After making pizza after pizza the other day, I browsed the same book, Carol Field's Italian Baker, and found a recipe I made a lot for a little while..Pane Pugliese. This recipe reminds me of the bread you get at Sam's Italian Market in Willow Grove, PA, a bit north of Philadelphia, near the PA Turnpike. Sam's is an incredible Italian grocery in a suburban blank spot (my opinion only; we lived and liked it near there for six years...Sam's was one thing that helped us like it) and the bread that place turned out: moist, dense, full of flavor. Flavorful, in fact.
So my penciled notes from way back when(date: 3/23/92. Sam was not even 4, Ian just 2 1/2, Bryn not even a thought) say, "Great texture, moist. Reminds me of Sam's. Relatively easy, slightly messy (sticky)."
Like the pizza, I did have a strike...well, not a strike so much as a fire in the oven...With the first batch of bread yesterday. So here's what happened: I use an oven thermometer. Oven was at 450. I put in the loaves, ran to pick Bryn up and got back to a...very toasty smell, shall we say? The oven thermometer was reading 550. The third loaf, the one that was on the lower rack? A blackened door stop. A large piece of charcoal. The parchment paper? Gone. I can only guess it self-combusted (oh, I know, nothing self about it!)...Luckily, the two loaves on the top shelf seemed okay...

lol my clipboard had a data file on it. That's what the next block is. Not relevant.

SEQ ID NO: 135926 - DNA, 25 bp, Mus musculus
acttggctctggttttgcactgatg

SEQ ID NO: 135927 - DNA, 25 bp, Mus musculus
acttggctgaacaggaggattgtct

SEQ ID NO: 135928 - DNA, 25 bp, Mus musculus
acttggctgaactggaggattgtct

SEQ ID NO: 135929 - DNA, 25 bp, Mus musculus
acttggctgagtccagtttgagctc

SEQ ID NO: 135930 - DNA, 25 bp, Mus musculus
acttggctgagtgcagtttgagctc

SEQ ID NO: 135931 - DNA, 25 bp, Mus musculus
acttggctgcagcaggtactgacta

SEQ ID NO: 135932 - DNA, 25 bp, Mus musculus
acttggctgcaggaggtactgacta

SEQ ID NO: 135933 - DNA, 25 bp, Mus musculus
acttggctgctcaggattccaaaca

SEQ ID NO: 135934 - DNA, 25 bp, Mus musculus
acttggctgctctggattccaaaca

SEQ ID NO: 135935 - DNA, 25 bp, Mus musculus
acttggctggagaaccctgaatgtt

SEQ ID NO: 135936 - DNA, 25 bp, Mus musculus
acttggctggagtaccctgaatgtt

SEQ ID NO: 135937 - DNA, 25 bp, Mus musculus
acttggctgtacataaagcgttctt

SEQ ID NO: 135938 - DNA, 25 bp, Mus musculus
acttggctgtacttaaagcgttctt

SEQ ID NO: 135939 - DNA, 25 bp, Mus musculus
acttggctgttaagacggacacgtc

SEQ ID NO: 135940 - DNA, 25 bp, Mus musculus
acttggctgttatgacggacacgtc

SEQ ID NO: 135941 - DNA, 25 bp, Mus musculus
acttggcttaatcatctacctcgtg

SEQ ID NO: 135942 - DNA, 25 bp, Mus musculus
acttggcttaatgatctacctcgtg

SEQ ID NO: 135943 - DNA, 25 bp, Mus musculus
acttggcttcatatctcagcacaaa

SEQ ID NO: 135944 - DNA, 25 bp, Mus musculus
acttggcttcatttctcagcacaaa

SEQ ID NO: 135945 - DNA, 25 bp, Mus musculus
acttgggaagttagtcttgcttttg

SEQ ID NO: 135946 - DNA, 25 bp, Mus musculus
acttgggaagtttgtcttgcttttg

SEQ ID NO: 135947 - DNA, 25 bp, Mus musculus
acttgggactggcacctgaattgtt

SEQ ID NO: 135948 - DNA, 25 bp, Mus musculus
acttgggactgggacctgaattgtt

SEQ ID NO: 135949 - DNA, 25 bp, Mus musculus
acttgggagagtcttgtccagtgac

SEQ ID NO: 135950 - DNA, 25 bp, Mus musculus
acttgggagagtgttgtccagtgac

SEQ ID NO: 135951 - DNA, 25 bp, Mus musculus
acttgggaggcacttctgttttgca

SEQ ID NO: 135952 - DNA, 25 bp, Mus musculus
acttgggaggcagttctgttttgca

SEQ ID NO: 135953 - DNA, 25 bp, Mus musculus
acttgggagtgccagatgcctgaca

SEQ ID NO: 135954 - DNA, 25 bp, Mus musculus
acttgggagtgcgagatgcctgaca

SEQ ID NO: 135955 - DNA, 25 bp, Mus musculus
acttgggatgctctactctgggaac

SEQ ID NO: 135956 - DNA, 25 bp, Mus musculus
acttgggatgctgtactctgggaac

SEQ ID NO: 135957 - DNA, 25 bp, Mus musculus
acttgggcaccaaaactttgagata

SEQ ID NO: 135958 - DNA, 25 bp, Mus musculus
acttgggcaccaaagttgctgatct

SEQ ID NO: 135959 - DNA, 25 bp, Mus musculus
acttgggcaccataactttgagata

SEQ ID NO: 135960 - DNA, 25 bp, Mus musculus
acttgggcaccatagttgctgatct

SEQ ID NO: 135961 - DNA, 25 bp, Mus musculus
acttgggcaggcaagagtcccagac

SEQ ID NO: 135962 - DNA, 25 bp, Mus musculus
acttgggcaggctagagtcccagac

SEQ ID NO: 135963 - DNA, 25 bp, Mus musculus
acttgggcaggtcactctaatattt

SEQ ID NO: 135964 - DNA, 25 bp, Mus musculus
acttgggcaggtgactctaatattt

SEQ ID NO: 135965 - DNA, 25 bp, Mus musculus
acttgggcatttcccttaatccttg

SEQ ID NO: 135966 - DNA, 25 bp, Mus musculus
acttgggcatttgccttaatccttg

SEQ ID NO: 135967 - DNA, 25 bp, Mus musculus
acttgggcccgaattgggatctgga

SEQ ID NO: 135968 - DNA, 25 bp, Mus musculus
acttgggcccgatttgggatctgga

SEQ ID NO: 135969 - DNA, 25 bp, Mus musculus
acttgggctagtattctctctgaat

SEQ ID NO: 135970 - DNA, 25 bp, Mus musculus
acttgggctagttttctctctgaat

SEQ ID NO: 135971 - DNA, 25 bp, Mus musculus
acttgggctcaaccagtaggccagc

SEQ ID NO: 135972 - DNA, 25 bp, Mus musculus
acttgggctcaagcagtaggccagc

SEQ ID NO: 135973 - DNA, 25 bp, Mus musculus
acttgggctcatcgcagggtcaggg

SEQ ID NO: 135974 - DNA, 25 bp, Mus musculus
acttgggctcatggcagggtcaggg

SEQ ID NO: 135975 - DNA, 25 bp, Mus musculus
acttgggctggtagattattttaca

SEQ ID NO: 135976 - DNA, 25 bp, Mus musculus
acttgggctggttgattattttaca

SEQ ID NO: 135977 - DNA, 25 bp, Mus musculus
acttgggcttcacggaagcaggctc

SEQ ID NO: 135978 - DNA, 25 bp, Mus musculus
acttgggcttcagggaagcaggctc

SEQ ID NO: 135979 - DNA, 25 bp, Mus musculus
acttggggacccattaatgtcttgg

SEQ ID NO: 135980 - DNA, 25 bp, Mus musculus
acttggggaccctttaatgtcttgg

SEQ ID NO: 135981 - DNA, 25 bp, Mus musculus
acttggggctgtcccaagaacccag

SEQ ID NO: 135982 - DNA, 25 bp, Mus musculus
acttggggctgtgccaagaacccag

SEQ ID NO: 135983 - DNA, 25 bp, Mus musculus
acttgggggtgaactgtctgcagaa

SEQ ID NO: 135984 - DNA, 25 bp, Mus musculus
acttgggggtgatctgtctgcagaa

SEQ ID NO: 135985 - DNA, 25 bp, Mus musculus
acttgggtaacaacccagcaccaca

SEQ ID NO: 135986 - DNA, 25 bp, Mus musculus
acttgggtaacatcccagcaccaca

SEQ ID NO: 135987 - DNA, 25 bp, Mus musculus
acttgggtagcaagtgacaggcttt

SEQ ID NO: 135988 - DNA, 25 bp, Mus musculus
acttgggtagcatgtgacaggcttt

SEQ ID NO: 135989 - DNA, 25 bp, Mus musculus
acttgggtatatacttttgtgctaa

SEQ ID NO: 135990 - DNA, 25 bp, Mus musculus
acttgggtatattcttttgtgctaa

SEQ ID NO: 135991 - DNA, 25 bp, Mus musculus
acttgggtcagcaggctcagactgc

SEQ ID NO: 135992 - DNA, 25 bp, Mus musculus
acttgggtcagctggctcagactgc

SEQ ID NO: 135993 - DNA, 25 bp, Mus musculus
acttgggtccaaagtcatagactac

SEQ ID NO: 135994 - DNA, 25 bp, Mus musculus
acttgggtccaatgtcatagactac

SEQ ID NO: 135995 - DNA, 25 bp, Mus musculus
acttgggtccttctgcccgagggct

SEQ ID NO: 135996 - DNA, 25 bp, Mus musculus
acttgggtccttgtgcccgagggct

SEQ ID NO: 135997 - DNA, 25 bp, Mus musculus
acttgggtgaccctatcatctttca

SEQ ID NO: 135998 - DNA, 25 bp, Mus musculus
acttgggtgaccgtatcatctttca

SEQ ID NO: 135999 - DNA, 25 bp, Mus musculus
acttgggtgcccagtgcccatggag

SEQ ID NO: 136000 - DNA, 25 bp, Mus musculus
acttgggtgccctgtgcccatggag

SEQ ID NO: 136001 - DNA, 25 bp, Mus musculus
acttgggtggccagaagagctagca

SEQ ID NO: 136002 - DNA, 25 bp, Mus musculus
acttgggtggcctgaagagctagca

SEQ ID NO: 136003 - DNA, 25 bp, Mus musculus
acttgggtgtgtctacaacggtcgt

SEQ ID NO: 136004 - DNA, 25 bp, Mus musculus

The little loaves went fast. I had promised one to a friend, and the rest barely made appetizers for this family.
So today, I wanted more. I did only two loaves (same recipe, bigger loaves) and baked both on the top rack. All went well. But oddly enough, the oven was registering 550 when I took the loaves out. Weird, but worth watching.
Anyway, this bread is every bit as good as I remember it. This is a loaf made with a "biga" or starter, which is what I think gives it its texture.
Every time I make bread, I wonder why I don't do it more often. I own a Kitchenaid. The flour
costs pennies. And homemade bread? This is real food.
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